9>on4t you thin( it4s a neat )lan59 %e smiled. %e wanted her to ac(nowledge the !eauty of the scheme. She said nothing. 9>on4t you thin( we4re !eing ery reasona!le, after s)ending two trillion dollars on that )ile of shit5 6e could )ut you away for life, Arroway. 7ut we4re letting you go free. .ou don4t e en ha e to )ut u) !ail. $ thin( we4re !eha ing li(e gentlemen. $t4s the S)irit of the Millennium. $t4s Machindo.9 C%A"T&# DD 'ilgamesh That it will ne er come again $s what ma(es life so sweet. - &M$3. >$C8$NSON "oem Num!er +;F+ $N T%$S time--heralded ex)ansi ely as the >awn of a New Age--!urial in s)ace was an ex)ensi e common)lace. Commercially a aila!le and a com)etiti e !usiness, it a))ealed es)ecially to those who, in former times, would ha e reBuested that their remains !e scattered o er the county of their !irth, or at least the mill town from which they had extracted their first fortune. 7ut now you could arrange for your remains to circumna igate the &arth fore er--or as close to fore er as matters in the wor(aday world. .ou need only insert a short codicil in your will. Then--assuming, of course, that you ha e the 6herewithal--when you die and are cremated, your ashes are com)ressed into a tiny almost toyli(e !ier, on which is em!ossed your name and your dates, a short memorial erse, and the religious sym!ol of your choice /choose one of three2. Along with hundreds of similar miniature coffins, it is then !oosted u) and dum)ed out at an intermediate altitude, ex)editiously a oiding !oth the crowded corridors of geosynchronous or!it and the disconcerting atmos)heric drag of low-&arth or!it. $nstead, your ashes trium)hantly circle the )lanet of your !irth in the midst of the *an Allen $ radiation !elts, a )roton !li::ard where no satellite in its right mind would ris( going to in the first )lace. 7ut ashes do not mind. At these heights, the &arth had !ecome en elo)ed in the remains of its leading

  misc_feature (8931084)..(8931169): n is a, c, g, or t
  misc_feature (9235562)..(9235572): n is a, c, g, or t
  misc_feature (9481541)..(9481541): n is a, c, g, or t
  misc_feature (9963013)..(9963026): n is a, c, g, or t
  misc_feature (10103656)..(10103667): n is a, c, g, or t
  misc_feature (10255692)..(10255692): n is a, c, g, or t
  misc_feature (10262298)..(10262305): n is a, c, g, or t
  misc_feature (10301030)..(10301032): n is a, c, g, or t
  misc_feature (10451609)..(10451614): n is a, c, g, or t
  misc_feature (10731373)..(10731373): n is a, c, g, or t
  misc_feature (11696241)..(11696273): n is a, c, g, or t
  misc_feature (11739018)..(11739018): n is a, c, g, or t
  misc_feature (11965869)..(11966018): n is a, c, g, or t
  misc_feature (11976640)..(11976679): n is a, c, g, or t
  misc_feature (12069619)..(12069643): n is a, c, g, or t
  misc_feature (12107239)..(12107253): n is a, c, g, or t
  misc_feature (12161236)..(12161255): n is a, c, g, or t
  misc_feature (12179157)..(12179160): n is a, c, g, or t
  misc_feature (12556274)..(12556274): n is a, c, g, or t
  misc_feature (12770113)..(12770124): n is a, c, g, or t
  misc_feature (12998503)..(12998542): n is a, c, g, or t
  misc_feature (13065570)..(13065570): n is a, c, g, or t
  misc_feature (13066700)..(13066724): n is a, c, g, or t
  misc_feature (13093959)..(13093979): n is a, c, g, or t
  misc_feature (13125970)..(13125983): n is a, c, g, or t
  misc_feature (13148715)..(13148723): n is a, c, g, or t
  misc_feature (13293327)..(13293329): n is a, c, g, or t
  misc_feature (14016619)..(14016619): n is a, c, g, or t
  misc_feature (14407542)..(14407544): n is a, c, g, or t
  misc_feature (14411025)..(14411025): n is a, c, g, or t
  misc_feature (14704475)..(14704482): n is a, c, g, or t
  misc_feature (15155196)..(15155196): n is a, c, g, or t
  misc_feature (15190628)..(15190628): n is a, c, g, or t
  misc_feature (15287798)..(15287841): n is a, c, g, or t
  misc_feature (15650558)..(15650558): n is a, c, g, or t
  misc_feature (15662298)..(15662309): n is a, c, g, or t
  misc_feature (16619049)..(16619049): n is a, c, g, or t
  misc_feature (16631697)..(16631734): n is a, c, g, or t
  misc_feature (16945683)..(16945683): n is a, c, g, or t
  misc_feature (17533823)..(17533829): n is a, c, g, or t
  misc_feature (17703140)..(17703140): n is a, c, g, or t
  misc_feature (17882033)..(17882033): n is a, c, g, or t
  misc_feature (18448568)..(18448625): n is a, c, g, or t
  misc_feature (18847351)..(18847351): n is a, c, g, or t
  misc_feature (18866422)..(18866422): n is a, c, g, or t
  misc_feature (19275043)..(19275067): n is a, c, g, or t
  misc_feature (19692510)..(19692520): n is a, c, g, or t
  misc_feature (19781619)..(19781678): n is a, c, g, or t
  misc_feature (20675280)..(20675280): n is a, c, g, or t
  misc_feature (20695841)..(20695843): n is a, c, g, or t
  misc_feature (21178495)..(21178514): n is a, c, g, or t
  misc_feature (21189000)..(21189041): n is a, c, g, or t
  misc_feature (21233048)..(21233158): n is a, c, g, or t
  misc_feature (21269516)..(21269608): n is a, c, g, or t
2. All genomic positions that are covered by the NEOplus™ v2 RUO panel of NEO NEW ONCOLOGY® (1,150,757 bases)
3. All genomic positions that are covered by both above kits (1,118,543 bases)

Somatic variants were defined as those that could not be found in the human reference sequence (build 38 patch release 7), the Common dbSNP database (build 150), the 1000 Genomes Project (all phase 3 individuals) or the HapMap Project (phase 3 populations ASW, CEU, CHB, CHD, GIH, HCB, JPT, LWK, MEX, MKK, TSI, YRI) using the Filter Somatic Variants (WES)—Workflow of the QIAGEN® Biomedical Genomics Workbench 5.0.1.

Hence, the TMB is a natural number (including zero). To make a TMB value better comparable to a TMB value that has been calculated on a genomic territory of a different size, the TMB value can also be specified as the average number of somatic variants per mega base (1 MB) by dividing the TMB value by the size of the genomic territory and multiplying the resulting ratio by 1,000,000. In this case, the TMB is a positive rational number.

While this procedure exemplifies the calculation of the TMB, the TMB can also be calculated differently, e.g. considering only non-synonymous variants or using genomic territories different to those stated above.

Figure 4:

citi:ens, and an uninstructed isitor from a distant world might rightly !elie e he had chanced u)on some som!er s)ace-age necro)olis. The ha:ardous location of this mortuary would ex)lain the a!sence of memorial isits from grie ing relati es. S. #. %adden, contem)lating this image, had !een a))alled at what minor )ortions of immortality these deceased worthies had !een willing to settle for. All their organic )arts-!rains, hearts, e erything that distinguished them as a )erson--were atomi:ed in their cremations. There isn4t any of you left after cremation, he thought, Aust )owdered !one, hardly enough e en for a ery ad anced ci ili:ation to reconstruct you from the remains. And then, for good measure, your coffin is )laced smac( in the *an Alien !elts, where e en your ashes get slowly fried. %ow much !etter if a few of your cells could !e )reser ed. #eal li ing cells, with the >NA intact. %e isuali:ed a cor)oration that would, for a healthy fee, free:e a little of your e)ithelial tissue and or!it it high--well a!o e the *an Alien !elts, may!e e en higher than geosynchronous or!it. No reason to die first. >o it now, while it4s on your mind. Then, at least, alien molecular !iologists-or their terrestrial counter)arts of the far future-- could reconstruct you, clone you, more or less from scratch. .ou would ru! your eyes, stretch, and wa(e u) in the year ten million. Or e en if nothing was done with your remains, there would still !e in existence multi)le co)ies of your genetic instructions. .ou would !e ali e in )rinci)le. $n either case it could !e said that you would li e fore er. 7ut as %adden ruminated on the matter further, this scheme also seemed too modest. 7ecause that wasn4t really you, a few cells scra)ed off the soles of your feet. At !est they could reconstruct your )hysical form. 7ut that4s not the same as you. $f you were really serious, you should include family )hotogra)hs, a )unctiliously detailed auto!iogra)hy, all the !oo(s and ta)es you4 e enAoyed, and as much else a!out yourself as )ossi!le. Fa orite !rands of after-sha e lotion, for exam)le, or diet cola. $t was su)remely egotistical, he (new, and he lo ed it. After all, the age had )roduced a sustained eschatological delirium. $t